Article

Climate Dynamics

, Volume 40, Issue 9, pp 2415-2431

Open Access This content is freely available online to anyone, anywhere at any time.

Interpretation of the positive low-cloud feedback predicted by a climate model under global warming

  • Florent BrientAffiliated withLaboratoire de Météorologie Dynamique (LMD/IPSL), Université Pierre et Marie Curie, CNRS Email author 
  • , Sandrine BonyAffiliated withLaboratoire de Météorologie Dynamique (LMD/IPSL), Université Pierre et Marie Curie, CNRS

Abstract

The response of low-level clouds to climate change has been identified as a major contributor to the uncertainty in climate sensitivity estimates among climate models. By analyzing the behaviour of low-level clouds in a hierarchy of models (coupled ocean-atmosphere model, atmospheric general circulation model, aqua-planet model, single-column model) using the same physical parameterizations, this study proposes an interpretation of the strong positive low-cloud feedback predicted by the IPSL-CM5A climate model under climate change. In a warmer climate, the model predicts an enhanced clear-sky radiative cooling, stronger surface turbulent fluxes, a deepening and a drying of the planetary boundary layer, and a decrease of tropical low-clouds in regimes of weak subsidence. We show that the decrease of low-level clouds critically depends on the change in the vertical advection of moist static energy from the free troposphere to the boundary-layer. This change is dominated by variations in the vertical gradient of moist static energy between the surface and the free troposphere just above the boundary-layer. In a warmer climate, the thermodynamical relationship of Clausius-Clapeyron increases this vertical gradient, and then the import by large-scale subsidence of low moist static energy and dry air into the boundary layer. This results in a decrease of the low-level cloudiness and in a weakening of the radiative cooling of the boundary layer by low-level clouds. The energetic framework proposed in this study might help to interpret inter-model differences in low-cloud feedbacks under climate change.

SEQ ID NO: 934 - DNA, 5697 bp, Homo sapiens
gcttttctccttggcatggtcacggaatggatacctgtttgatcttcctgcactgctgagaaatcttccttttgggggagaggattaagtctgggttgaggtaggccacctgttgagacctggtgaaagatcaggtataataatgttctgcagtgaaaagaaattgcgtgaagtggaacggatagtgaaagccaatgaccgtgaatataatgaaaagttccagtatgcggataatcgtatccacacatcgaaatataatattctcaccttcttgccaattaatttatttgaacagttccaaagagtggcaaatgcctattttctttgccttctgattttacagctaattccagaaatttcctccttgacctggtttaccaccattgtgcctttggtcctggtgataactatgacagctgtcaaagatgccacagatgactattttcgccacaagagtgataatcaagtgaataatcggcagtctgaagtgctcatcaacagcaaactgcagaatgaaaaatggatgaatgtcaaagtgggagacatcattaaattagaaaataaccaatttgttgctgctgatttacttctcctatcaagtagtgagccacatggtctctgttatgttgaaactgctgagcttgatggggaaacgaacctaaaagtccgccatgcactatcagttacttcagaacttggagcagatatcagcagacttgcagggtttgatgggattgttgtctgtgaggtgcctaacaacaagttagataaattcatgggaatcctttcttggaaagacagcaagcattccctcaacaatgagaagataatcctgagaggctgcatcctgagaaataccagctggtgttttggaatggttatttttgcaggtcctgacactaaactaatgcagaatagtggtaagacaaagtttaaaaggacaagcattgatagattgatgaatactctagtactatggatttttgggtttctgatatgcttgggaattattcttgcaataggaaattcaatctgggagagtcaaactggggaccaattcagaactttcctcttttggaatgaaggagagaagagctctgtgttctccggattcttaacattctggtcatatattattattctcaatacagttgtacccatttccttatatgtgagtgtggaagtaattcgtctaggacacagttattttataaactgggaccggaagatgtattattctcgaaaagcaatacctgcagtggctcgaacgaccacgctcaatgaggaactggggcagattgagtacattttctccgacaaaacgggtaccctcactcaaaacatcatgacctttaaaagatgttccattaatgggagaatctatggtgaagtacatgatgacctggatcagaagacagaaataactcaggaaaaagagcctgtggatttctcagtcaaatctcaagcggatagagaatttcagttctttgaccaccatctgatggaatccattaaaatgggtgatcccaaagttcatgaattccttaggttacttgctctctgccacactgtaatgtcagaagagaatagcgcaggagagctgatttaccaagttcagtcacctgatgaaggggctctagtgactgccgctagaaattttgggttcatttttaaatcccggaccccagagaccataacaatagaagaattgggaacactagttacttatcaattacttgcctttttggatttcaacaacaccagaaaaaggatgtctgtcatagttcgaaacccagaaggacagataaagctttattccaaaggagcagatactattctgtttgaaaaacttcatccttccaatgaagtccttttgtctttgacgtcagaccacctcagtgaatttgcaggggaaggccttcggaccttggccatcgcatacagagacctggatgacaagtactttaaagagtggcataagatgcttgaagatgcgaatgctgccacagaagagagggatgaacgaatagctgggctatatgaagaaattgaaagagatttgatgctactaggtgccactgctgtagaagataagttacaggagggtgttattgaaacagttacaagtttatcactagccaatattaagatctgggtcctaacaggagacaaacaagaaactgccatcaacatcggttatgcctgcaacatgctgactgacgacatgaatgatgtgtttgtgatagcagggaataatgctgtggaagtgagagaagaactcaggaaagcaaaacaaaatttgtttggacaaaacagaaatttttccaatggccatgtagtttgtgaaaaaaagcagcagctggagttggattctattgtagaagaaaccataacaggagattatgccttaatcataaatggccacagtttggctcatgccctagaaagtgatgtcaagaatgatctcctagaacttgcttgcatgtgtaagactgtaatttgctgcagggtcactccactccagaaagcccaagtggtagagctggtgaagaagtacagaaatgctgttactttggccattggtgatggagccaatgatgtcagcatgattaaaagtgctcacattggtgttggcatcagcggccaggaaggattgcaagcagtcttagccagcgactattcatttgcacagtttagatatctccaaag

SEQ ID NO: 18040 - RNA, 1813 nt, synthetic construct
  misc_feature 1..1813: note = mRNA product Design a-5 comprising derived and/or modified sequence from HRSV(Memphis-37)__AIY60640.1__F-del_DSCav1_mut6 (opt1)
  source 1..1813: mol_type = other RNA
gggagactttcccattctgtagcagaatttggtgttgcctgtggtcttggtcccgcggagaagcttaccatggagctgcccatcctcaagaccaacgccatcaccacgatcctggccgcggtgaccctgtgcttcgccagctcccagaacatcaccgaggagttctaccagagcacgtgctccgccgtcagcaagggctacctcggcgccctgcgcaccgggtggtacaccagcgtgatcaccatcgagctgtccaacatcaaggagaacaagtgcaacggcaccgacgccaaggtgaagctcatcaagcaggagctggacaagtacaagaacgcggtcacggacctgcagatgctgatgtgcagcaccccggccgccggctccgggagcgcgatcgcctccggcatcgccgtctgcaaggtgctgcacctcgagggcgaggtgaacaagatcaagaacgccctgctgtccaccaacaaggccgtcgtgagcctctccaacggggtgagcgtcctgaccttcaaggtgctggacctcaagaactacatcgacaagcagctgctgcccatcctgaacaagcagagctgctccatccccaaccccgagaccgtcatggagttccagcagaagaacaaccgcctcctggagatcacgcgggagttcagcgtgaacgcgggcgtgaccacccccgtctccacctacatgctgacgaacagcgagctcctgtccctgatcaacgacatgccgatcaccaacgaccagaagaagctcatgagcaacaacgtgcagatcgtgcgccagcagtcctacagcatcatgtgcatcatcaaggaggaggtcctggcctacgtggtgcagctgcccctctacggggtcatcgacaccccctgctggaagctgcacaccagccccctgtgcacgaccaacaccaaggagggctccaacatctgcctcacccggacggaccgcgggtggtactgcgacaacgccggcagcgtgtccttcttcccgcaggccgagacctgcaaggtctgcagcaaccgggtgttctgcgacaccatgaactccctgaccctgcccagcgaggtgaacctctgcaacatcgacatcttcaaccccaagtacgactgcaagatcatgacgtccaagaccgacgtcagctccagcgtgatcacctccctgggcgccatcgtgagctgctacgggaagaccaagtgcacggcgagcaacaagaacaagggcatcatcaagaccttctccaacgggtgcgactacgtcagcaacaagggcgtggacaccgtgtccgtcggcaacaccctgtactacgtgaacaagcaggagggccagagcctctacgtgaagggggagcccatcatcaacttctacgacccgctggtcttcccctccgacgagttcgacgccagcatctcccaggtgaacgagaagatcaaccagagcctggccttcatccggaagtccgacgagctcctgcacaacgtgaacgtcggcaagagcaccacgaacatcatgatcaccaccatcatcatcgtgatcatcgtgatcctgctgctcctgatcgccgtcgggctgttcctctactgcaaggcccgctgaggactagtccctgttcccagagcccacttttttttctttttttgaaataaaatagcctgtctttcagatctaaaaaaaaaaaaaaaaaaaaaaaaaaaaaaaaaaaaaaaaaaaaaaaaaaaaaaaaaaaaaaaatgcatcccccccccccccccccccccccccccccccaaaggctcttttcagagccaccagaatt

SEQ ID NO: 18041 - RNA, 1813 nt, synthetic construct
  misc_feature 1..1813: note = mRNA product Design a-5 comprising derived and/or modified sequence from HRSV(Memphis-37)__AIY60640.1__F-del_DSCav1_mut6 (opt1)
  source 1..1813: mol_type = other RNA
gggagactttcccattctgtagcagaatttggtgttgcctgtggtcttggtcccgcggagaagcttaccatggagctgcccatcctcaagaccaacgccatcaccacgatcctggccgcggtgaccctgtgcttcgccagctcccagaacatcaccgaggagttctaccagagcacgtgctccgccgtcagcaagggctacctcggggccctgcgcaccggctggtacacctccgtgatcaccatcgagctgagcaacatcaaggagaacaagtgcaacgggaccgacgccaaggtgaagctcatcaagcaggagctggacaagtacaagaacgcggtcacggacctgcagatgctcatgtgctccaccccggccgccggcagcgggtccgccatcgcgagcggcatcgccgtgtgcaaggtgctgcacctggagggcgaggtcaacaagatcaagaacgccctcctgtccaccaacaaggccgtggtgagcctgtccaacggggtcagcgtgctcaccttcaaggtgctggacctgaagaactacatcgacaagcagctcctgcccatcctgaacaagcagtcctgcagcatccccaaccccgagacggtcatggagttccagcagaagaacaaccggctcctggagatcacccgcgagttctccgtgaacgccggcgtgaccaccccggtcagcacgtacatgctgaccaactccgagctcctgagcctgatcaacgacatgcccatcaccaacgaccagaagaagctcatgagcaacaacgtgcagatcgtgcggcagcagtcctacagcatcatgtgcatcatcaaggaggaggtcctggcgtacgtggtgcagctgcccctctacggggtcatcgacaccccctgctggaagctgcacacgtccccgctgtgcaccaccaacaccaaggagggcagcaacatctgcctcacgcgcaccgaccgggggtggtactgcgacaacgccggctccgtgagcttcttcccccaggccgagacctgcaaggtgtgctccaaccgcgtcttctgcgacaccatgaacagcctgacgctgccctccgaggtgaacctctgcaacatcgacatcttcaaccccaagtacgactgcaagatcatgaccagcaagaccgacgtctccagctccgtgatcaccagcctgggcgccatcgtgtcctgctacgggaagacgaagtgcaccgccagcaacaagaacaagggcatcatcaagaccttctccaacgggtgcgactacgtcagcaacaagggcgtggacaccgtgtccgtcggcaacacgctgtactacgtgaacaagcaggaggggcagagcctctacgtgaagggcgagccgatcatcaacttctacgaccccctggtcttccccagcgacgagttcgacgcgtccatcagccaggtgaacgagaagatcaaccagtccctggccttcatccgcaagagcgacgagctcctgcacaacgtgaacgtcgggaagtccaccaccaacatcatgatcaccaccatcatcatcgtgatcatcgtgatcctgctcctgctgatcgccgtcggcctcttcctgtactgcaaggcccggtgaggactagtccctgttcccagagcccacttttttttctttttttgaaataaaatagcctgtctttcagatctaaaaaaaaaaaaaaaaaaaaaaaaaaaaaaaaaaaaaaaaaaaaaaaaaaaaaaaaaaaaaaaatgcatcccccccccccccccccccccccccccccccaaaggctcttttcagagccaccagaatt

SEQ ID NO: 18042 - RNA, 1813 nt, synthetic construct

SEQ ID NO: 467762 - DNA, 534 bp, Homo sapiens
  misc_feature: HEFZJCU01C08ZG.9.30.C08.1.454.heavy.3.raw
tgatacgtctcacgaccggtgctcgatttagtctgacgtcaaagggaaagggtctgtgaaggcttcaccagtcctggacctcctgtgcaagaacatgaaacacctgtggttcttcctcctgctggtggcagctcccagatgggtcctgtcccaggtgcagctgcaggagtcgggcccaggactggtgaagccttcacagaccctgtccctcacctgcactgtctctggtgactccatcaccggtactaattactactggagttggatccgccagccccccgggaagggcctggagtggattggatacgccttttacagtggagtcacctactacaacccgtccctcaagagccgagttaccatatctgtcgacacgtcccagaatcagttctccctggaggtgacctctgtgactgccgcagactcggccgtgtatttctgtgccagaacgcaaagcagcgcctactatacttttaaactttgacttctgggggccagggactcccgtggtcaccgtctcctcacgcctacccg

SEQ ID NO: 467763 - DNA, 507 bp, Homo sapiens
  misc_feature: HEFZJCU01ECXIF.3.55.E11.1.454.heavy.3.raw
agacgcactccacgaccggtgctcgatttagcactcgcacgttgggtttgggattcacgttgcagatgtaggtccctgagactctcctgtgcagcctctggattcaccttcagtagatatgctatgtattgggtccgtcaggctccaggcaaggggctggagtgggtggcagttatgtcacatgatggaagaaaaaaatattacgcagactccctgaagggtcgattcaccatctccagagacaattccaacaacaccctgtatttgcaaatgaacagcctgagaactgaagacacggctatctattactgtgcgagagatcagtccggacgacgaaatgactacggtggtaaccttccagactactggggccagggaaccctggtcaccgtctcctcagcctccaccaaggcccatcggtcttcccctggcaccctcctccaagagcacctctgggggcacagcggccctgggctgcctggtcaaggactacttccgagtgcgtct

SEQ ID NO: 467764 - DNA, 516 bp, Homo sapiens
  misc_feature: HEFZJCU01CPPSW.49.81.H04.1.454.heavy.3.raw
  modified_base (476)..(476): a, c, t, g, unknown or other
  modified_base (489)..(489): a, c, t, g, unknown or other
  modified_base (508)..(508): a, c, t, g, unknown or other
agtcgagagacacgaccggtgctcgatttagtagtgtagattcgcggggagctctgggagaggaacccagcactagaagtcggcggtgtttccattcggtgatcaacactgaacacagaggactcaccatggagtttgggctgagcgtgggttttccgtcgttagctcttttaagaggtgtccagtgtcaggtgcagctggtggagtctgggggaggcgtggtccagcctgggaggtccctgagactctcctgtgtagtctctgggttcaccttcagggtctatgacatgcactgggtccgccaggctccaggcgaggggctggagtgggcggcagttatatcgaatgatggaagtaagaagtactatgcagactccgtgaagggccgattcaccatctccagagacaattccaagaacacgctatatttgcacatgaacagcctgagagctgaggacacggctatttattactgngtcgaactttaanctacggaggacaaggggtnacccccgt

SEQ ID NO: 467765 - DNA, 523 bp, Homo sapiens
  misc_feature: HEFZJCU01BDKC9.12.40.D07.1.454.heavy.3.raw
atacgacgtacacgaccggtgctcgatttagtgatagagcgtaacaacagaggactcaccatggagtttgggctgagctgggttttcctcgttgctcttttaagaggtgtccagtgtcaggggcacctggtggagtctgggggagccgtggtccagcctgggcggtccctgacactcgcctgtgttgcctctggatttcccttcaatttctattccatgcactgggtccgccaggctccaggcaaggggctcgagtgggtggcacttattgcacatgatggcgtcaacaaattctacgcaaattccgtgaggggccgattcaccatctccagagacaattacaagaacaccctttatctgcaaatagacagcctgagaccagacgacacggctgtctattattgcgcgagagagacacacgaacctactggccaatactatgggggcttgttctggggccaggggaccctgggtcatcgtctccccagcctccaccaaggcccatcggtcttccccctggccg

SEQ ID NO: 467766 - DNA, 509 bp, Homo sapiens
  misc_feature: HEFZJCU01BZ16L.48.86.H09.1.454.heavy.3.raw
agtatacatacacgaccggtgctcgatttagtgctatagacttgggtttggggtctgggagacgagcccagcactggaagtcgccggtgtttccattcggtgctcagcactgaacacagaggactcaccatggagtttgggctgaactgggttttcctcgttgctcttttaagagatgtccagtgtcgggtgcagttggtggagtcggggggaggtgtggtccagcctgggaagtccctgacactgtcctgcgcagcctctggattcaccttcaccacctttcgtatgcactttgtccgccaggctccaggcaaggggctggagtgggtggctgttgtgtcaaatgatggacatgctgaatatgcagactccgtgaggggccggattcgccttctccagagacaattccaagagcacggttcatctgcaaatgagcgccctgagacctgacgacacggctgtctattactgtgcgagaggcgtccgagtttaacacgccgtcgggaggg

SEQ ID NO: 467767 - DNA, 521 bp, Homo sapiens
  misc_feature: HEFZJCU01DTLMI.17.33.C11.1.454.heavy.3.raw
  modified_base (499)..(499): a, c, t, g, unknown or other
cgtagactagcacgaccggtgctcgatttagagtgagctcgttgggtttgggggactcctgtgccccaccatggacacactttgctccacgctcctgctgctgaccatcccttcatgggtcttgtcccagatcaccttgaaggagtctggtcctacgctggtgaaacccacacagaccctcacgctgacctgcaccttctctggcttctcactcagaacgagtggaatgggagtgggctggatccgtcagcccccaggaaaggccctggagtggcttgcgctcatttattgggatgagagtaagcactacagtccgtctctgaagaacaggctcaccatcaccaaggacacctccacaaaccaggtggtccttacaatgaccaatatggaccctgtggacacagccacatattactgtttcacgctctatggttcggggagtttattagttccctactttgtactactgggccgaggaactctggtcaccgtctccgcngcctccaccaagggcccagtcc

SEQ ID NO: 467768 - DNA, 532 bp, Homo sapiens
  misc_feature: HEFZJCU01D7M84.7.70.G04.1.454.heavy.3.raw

Keywords

Low-level cloud feedbacks Climate change Hierarchy of models Moist static energy budget